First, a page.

Empathy is a gift. A celebration of shared humanity.

When people, or groups of people, mock mass deaths for political motives I cringe. Conflict? Inevitable. I’ve shared meals, laughs, celebrations with some of the mockers.

Growth in compassion seems as likely as studying the brain through decapitation. And yet, using a less graphic image, grapes and roses grow after deep pruning.

Do I back down? No. That’s the advice of early childhood, the place where I got lost. Instead I follow the advice of my arthritic hands. They throb.

Mother nature has been sending enough rain to flood rivers and streams to overload the land. Pestering my aching joints with action is the way to be nice, nice, nice to them.

I pray for more people to listen to the survivors of injustices. May the listeners place themselves in similar unjust circumstances, without rushing to judgments.

May the survivors recognize they are not alone. May I somehow not sever all connections with the people I see as creating harm.

An impossible request? Maybe. A-step-up-to-unlikely would be worth the effort. In the meantime, I sharpen empathy by choosing awareness in close-by places.

The man behind me in the checkout line at the grocery store has three items. I have at least thirty. He can go ahead of me. My tired mate who needs a nap doesn’t need to be awakened by the vacuum cleaner. And, I have a friend or two who could use a phone call this evening.

Maybe the larger world is no closer to repair, but my smaller realm has been blessed.

 

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screened vision

(screened vision, black and white, not easily read and slightly off-center)

The most important thing is to be whatever you are without shame. (Rod Steiger)

Even if I had the X-ray vision of the Superman I watched long before flat-screened TV and Netflix, I doubt I could understand human motivation. Friendships with the folk who share a similar sense of empathy, are easy. Those who can’t see a relationship between weapons and death, are difficult for me to figure out.

Someone I know tells a story about direct experience with an individual wielding a gun—at her. No pause for recognition of her experience, the person she tells continues with a statistics-game. No awareness of the damage done by violence.

Yet, this man is worthwhile, genuine in what he does. I have no intention of turning away from him. Argument proves nothing.

A photo taken through a screen isn’t the same as a picture taken in the cold and ice—as it develops. The picture isn’t the same as the photographed space.

Life continues without a set pattern. I need to be who I am, speak my own truth and respect the truth of another. Sometimes this respect is as difficult as seeing through two separate screens, made of vastly different experiences.

Peace. Five letters, each one separated by centuries of misunderstanding. Nevertheless, an essential goal. For all.

 

 

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There is always more goodness in the world than there appears to be, because goodness is of its very nature modest and retiring. (Evelyn Beatrice Hall, biographer, 1868-1956)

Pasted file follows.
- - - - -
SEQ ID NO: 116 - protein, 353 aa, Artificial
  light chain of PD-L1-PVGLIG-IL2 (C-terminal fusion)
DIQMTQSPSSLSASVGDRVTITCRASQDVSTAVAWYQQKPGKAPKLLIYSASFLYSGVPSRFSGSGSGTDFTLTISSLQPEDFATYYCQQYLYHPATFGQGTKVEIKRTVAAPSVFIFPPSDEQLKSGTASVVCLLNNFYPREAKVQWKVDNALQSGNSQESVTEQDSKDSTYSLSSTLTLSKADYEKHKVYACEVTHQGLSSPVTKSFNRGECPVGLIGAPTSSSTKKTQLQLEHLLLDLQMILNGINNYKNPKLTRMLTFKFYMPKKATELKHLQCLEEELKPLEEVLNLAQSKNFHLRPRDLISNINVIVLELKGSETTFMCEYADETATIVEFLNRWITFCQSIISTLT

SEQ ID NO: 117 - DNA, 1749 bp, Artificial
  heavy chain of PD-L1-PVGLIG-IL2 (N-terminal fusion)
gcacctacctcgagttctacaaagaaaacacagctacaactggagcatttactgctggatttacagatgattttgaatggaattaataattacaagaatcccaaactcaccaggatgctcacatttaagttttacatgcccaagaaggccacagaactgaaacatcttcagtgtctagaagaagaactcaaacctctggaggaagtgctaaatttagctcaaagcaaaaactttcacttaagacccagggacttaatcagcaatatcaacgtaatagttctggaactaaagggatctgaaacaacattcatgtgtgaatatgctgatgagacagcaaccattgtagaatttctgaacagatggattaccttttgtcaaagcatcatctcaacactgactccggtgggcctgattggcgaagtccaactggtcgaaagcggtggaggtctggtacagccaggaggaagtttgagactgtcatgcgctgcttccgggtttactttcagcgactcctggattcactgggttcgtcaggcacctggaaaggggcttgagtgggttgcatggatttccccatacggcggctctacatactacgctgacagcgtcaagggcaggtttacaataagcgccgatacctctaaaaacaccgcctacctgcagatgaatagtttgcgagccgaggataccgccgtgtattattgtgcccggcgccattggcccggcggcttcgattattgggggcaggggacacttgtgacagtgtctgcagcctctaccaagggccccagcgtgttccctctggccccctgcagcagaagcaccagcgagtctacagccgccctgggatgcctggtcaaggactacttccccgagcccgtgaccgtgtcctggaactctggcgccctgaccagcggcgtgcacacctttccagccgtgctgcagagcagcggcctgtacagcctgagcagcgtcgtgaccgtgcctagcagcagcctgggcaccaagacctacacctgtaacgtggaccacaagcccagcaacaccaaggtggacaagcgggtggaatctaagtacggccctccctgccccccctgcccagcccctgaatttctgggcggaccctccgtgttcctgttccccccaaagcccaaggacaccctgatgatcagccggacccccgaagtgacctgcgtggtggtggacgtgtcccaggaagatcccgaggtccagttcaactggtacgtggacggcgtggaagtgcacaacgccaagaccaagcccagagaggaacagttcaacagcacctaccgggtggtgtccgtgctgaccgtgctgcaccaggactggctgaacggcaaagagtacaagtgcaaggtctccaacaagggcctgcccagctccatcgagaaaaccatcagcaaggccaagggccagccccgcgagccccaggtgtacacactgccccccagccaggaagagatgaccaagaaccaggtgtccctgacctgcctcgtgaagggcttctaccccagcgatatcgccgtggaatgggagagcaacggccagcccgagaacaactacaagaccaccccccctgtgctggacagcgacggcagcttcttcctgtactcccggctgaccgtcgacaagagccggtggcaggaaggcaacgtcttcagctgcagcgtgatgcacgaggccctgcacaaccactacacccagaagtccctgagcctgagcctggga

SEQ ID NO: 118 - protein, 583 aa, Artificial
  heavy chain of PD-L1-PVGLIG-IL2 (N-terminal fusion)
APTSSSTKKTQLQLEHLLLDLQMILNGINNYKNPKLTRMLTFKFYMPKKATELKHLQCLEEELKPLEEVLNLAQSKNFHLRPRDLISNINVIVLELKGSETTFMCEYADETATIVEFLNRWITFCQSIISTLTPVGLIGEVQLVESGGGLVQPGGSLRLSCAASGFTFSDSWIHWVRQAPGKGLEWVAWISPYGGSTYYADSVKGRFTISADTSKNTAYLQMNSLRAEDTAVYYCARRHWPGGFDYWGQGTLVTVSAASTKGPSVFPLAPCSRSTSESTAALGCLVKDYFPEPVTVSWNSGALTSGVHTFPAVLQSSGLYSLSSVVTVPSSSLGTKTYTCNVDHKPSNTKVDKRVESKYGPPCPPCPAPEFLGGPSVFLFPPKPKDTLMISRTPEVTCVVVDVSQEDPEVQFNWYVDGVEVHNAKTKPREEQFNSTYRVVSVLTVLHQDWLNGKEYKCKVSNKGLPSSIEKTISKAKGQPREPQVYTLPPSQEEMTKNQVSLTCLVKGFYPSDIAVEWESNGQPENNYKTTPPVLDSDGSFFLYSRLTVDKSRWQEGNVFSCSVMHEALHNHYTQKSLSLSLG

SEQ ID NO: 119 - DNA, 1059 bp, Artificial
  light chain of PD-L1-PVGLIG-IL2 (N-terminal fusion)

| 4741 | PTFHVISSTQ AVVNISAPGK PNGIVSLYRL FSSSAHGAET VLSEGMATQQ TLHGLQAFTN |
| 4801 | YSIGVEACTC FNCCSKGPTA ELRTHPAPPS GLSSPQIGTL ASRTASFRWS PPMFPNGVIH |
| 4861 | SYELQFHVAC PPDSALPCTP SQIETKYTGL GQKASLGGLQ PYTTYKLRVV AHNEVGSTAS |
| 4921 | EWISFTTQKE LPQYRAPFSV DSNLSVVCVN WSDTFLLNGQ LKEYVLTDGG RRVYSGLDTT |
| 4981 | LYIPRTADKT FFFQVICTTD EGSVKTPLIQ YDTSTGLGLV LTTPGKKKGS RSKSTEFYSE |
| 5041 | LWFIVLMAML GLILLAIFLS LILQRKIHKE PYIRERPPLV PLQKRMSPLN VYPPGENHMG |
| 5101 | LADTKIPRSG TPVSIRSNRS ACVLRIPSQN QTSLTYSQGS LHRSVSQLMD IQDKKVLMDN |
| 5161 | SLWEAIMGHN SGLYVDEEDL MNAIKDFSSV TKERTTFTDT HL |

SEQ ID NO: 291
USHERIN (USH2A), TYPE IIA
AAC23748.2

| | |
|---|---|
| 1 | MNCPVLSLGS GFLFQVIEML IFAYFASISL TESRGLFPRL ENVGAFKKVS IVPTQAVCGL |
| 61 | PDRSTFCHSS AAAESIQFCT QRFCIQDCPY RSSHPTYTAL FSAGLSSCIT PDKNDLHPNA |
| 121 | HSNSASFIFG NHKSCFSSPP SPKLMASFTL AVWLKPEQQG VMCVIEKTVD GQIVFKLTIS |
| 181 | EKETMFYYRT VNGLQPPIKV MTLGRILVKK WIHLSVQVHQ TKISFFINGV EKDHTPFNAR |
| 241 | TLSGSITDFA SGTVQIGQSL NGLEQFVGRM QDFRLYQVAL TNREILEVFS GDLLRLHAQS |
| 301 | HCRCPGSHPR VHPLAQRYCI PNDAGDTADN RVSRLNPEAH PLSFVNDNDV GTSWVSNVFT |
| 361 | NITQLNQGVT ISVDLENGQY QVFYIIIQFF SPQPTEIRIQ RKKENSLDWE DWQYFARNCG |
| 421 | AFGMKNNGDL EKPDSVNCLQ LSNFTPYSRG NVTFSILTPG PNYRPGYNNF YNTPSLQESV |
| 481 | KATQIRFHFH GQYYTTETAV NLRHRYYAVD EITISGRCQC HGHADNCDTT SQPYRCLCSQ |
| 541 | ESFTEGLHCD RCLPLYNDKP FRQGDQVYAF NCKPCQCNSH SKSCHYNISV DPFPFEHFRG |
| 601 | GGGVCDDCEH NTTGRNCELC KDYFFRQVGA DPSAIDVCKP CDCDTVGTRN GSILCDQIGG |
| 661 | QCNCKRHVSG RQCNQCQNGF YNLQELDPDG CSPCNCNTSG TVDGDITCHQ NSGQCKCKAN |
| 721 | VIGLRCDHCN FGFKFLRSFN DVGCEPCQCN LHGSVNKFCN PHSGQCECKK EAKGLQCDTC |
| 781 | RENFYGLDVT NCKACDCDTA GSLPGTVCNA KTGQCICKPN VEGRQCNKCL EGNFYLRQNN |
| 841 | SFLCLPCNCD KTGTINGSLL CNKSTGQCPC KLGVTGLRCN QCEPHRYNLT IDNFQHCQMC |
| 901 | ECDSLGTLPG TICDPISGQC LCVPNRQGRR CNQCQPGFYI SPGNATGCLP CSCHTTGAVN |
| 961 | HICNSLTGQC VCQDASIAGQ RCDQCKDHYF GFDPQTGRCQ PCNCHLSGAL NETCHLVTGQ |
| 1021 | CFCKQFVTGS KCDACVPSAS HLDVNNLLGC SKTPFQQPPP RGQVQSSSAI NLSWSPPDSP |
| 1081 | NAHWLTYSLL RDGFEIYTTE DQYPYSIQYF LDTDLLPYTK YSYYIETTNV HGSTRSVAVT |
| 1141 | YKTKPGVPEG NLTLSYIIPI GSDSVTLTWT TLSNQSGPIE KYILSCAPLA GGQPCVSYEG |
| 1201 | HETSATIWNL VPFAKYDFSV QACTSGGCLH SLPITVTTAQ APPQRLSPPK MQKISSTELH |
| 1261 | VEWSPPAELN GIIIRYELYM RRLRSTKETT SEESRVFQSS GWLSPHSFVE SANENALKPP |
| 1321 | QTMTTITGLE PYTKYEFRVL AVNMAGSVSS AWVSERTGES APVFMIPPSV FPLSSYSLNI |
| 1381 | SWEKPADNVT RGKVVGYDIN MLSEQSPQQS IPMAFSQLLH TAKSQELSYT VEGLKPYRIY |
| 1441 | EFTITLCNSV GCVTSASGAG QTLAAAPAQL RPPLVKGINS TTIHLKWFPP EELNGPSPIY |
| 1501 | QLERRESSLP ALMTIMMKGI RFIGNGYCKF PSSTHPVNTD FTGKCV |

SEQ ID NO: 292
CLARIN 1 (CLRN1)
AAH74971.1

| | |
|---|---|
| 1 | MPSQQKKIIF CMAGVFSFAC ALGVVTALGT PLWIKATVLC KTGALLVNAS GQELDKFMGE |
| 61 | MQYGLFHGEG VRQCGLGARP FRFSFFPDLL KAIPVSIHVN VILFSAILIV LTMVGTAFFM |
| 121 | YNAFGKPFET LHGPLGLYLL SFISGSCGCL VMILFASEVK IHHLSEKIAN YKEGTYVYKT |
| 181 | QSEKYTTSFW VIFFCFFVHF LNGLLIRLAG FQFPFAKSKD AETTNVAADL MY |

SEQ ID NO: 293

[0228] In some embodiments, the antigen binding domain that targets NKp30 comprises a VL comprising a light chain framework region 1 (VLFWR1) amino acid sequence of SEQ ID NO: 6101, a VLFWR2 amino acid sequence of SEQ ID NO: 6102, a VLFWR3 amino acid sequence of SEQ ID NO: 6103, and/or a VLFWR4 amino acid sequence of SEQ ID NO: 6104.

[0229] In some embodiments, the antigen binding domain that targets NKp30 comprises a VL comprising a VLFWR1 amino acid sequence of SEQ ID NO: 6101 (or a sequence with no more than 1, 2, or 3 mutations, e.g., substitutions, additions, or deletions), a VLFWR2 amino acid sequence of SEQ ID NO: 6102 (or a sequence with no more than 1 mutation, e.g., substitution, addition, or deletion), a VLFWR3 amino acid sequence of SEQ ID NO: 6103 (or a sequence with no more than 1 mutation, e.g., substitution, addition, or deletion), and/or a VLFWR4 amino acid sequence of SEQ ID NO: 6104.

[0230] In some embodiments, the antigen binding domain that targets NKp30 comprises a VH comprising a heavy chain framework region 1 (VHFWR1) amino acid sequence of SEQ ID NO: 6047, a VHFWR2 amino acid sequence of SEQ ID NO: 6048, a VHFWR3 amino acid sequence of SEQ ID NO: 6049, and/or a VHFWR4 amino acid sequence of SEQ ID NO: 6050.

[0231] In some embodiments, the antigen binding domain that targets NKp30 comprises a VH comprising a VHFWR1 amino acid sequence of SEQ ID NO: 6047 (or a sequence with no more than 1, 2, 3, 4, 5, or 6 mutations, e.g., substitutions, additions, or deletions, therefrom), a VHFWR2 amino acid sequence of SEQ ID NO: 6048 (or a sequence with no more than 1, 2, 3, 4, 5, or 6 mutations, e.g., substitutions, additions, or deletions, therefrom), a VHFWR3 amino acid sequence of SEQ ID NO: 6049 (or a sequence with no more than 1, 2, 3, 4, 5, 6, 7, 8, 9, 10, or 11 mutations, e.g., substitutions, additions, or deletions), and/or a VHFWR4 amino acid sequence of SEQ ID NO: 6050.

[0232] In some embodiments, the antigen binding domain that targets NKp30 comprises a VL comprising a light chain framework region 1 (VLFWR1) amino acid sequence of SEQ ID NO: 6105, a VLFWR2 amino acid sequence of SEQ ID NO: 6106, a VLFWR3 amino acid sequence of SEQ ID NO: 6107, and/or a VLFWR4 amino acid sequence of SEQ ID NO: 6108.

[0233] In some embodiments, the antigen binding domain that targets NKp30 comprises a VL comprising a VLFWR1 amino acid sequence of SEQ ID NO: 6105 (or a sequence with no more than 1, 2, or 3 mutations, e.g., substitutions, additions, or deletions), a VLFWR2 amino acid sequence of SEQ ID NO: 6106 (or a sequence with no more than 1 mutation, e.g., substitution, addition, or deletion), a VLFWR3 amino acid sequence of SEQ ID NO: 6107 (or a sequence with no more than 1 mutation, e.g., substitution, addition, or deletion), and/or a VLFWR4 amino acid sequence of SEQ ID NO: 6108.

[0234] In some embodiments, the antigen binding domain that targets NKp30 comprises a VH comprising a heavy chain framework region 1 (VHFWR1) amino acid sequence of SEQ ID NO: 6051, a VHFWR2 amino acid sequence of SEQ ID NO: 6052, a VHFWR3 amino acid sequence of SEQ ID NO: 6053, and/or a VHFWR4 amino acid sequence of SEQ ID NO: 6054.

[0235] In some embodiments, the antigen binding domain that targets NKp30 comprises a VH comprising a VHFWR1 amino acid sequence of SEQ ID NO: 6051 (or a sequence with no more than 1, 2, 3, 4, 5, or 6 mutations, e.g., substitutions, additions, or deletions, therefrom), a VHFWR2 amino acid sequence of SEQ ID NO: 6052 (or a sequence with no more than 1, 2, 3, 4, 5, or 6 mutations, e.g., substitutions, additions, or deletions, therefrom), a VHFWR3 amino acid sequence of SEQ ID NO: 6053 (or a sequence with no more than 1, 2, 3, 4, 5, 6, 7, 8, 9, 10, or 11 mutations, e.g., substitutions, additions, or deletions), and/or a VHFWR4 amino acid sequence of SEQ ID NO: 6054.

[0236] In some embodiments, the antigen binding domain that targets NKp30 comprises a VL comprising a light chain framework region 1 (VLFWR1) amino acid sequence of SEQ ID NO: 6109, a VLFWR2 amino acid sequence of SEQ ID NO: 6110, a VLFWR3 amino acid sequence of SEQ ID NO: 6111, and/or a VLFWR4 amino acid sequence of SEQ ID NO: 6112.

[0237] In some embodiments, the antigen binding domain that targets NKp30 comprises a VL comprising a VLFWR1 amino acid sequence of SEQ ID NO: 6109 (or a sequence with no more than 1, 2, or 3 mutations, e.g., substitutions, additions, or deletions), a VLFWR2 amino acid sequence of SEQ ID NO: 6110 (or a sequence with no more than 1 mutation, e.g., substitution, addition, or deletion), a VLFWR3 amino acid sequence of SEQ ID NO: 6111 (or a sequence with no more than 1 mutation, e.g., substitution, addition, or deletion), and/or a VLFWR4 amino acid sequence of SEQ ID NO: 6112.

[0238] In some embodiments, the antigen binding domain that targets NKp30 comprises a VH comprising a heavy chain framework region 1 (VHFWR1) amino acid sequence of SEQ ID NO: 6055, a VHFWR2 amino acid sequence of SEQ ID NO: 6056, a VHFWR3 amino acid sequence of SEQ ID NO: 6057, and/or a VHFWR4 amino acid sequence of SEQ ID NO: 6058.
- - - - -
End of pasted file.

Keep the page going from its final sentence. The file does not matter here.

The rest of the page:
Since I have three granddaughters, stuffed animals, dolls, and plastic dishes rule our toy room. Dakota needs some male space. We go to a local discount store to find the first installment on a transition toward a more balanced collection. I can’t afford renovation. Gradual change is more fun for a little person anyway because our one male child is in on it.

As Dakota places his five-dollar car purchase on the counter, he smiles. The cashier responds. “Okay if I give you a hug?”

My little guy looks confused, his eyes searching his hairline, but he accepts the quick squeeze. He has no idea how much charm he emanates. Since I am present, I suspect he knows the cashier’s gesture is okay.

Dakota and I arrive home and create a mini traffic world. Up and down the grass outside, on the rug in the living room. Life is contained and uncomplicated—at least for a while.

Later, I smile as I think about how fortunate I am that this little man came into my life—a future step grandson.

The news repeats the same stories in an endless loop. Rationalizations for maintaining the status quo continue. The word change becomes a platitude, no more than a vague promise hidden behind plans for the wealthy to grow richer and stronger.

The world needs more than any one voice to discover answers. Argument is counterproductive. The world could use more people who give a gosh-darn for more than themselves. Political motivation gets in the way. Forget party affiliation; look at what is happening to human beings—everywhere. Simple, not easy.

In the meantime, beauty lives hidden within places that keep the spirit alive. In the nonjudgmental acceptance of a child, in the presence of each day, in genuine friendship, in the ability to continue to give.

Peace, upon all.

My little man likes to clean. He is cleaning our coffee table and dusting pictures.